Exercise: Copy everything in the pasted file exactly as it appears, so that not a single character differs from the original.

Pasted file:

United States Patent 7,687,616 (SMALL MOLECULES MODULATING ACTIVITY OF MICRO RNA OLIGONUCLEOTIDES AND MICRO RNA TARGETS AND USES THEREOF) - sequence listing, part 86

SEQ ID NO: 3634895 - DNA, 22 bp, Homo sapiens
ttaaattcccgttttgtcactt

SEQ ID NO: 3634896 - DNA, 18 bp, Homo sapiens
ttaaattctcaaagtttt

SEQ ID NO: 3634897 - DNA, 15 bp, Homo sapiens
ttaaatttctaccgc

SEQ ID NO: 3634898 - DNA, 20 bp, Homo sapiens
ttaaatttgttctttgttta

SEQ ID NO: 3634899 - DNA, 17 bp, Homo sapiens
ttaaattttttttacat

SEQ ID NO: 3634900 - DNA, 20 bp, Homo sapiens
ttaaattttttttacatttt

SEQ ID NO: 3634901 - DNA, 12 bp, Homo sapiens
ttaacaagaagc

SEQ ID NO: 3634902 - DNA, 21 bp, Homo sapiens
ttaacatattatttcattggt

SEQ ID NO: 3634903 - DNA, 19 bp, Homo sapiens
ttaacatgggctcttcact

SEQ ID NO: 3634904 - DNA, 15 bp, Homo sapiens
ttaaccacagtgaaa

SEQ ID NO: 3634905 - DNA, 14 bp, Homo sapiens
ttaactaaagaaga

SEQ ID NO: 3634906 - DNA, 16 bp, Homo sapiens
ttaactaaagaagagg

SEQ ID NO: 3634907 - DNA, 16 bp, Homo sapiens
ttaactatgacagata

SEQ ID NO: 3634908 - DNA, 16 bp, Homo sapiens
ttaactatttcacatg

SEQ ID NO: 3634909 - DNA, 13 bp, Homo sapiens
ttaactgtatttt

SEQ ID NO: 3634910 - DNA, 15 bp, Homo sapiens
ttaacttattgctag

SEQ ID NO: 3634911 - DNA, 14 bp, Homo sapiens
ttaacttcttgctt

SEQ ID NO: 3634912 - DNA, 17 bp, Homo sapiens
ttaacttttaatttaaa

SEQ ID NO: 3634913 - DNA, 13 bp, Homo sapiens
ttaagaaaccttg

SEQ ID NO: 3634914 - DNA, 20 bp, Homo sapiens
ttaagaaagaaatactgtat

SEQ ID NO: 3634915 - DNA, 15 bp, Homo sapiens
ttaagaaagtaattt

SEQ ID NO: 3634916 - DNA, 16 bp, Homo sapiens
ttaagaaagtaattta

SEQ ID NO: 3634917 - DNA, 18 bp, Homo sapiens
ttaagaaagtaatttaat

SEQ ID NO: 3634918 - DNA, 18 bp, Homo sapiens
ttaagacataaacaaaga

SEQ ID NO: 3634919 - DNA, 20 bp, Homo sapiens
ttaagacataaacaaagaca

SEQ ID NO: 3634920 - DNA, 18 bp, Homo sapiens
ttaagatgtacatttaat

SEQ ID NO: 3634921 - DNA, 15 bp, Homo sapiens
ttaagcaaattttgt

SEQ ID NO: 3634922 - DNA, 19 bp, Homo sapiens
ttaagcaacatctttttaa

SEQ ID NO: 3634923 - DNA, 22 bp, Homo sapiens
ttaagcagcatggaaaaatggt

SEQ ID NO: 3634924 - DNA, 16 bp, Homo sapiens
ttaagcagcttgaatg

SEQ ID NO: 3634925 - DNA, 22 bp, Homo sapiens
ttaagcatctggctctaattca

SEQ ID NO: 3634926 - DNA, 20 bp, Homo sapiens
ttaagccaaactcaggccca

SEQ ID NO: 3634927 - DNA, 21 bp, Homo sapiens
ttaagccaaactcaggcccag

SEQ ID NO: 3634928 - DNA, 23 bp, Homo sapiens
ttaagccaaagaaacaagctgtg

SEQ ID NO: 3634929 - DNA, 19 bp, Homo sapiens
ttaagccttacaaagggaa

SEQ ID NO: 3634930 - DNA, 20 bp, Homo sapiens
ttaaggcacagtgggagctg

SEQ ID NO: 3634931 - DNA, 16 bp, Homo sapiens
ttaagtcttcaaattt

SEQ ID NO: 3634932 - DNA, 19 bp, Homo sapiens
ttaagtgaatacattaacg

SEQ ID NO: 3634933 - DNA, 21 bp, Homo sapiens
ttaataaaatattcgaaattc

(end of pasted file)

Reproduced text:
United States Patent 7,687,616 (SMALL MOLECULES MODULATING ACTIVITY OF MICRO RNA OLIGONUCLEOTIDES AND MICRO RNA TARGETS AND USES THEREOF) - sequence listing, part 86

SEQ ID NO: 3634895 - DNA, 22 bp, Homo sapiens
ttaaattcccgttttgtcactt

SEQ ID NO: 3634896 - DNA, 18 bp, Homo sapiens
ttaaattctcaaagtttt

SEQ ID NO: 3634897 - DNA, 15 bp, Homo sapiens
ttaaatttctaccgc

SEQ ID NO: 3634898 - DNA, 20 bp, Homo sapiens
ttaaatttgttctttgttta

SEQ ID NO: 3634899 - DNA, 17 bp, Homo sapiens
ttaaattttttttacat

SEQ ID NO: 3634900 - DNA, 20 bp, Homo sapiens
ttaaattttttttacatttt

SEQ ID NO: 3634901 - DNA, 12 bp, Homo sapiens
ttaacaagaagc

SEQ ID NO: 3634902 - DNA, 21 bp, Homo sapiens
ttaacatattatttcattggt

SEQ ID NO: 3634903 - DNA, 19 bp, Homo sapiens
ttaacatgggctcttcact

SEQ ID NO: 3634904 - DNA, 15 bp, Homo sapiens
ttaaccacagtgaaa

SEQ ID NO: 3634905 - DNA, 14 bp, Homo sapiens
ttaactaaagaaga

SEQ ID NO: 3634906 - DNA, 16 bp, Homo sapiens
ttaactaaagaagagg

SEQ ID NO: 3634907 - DNA, 16 bp, Homo sapiens
ttaactatgacagata

SEQ ID NO: 3634908 - DNA, 16 bp, Homo sapiens
ttaactatttcacatg

SEQ ID NO: 3634909 - DNA, 13 bp, Homo sapiens
ttaactgtatttt

SEQ ID NO: 3634910 - DNA, 15 bp, Homo sapiens
ttaacttattgctag

SEQ ID NO: 3634911 - DNA, 14 bp, Homo sapiens
ttaacttcttgctt

SEQ ID NO: 3634912 - DNA, 17 bp, Homo sapiens
ttaacttttaatttaaa

SEQ ID NO: 3634913 - DNA, 13 bp, Homo sapiens
ttaagaaaccttg

SEQ ID NO: 3634914 - DNA, 20 bp, Homo sapiens
ttaagaaagaaatactgtat

SEQ ID NO: 3634915 - DNA, 15 bp, Homo sapiens
ttaagaaagtaattt

SEQ ID NO: 3634916 - DNA, 16 bp, Homo sapiens
ttaagaaagtaattta

SEQ ID NO: 3634917 - DNA, 18 bp, Homo sapiens
ttaagaaagtaatttaat

SEQ ID NO: 3634918 - DNA, 18 bp, Homo sapiens
ttaagacataaacaaaga

SEQ ID NO: 3634919 - DNA, 20 bp, Homo sapiens
ttaagacataaacaaagaca

SEQ ID NO: 3634920 - DNA, 18 bp, Homo sapiens
ttaagatgtacatttaat

SEQ ID NO: 3634921 - DNA, 15 bp, Homo sapiens
ttaagcaaattttgt

SEQ ID NO: 3634922 - DNA, 19 bp, Homo sapiens
ttaagcaacatctttttaa

SEQ ID NO: 3634923 - DNA, 22 bp, Homo sapiens
ttaagcagcatggaaaaatggt

SEQ ID NO: 3634924 - DNA, 16 bp, Homo sapiens
ttaagcagcttgaatg

SEQ ID NO: 3634925 - DNA, 22 bp, Homo sapiens
ttaagcatctggctctaattca

SEQ ID NO: 3634926 - DNA, 20 bp, Homo sapiens
ttaagccaaactcaggccca

SEQ ID NO: 3634927 - DNA, 21 bp, Homo sapiens
ttaagccaaactcaggcccag

SEQ ID NO: 3634928 - DNA, 23 bp, Homo sapiens
ttaagccaaagaaacaagctgtg

SEQ ID NO: 3634929 - DNA, 19 bp, Homo sapiens
ttaagccttacaaagggaa

SEQ ID NO: 3634930 - DNA, 20 bp, Homo sapiens
ttaaggcacagtgggagctg

SEQ ID NO: 3634931 - DNA, 16 bp, Homo sapiens
ttaagtcttcaaattt

SEQ ID NO: 3634932 - DNA, 19 bp, Homo sapiens
ttaagtgaatacattaacg

SEQ ID NO: 3634933 - DNA, 21 bp, Homo sapiens
ttaataaaatattcgaaattc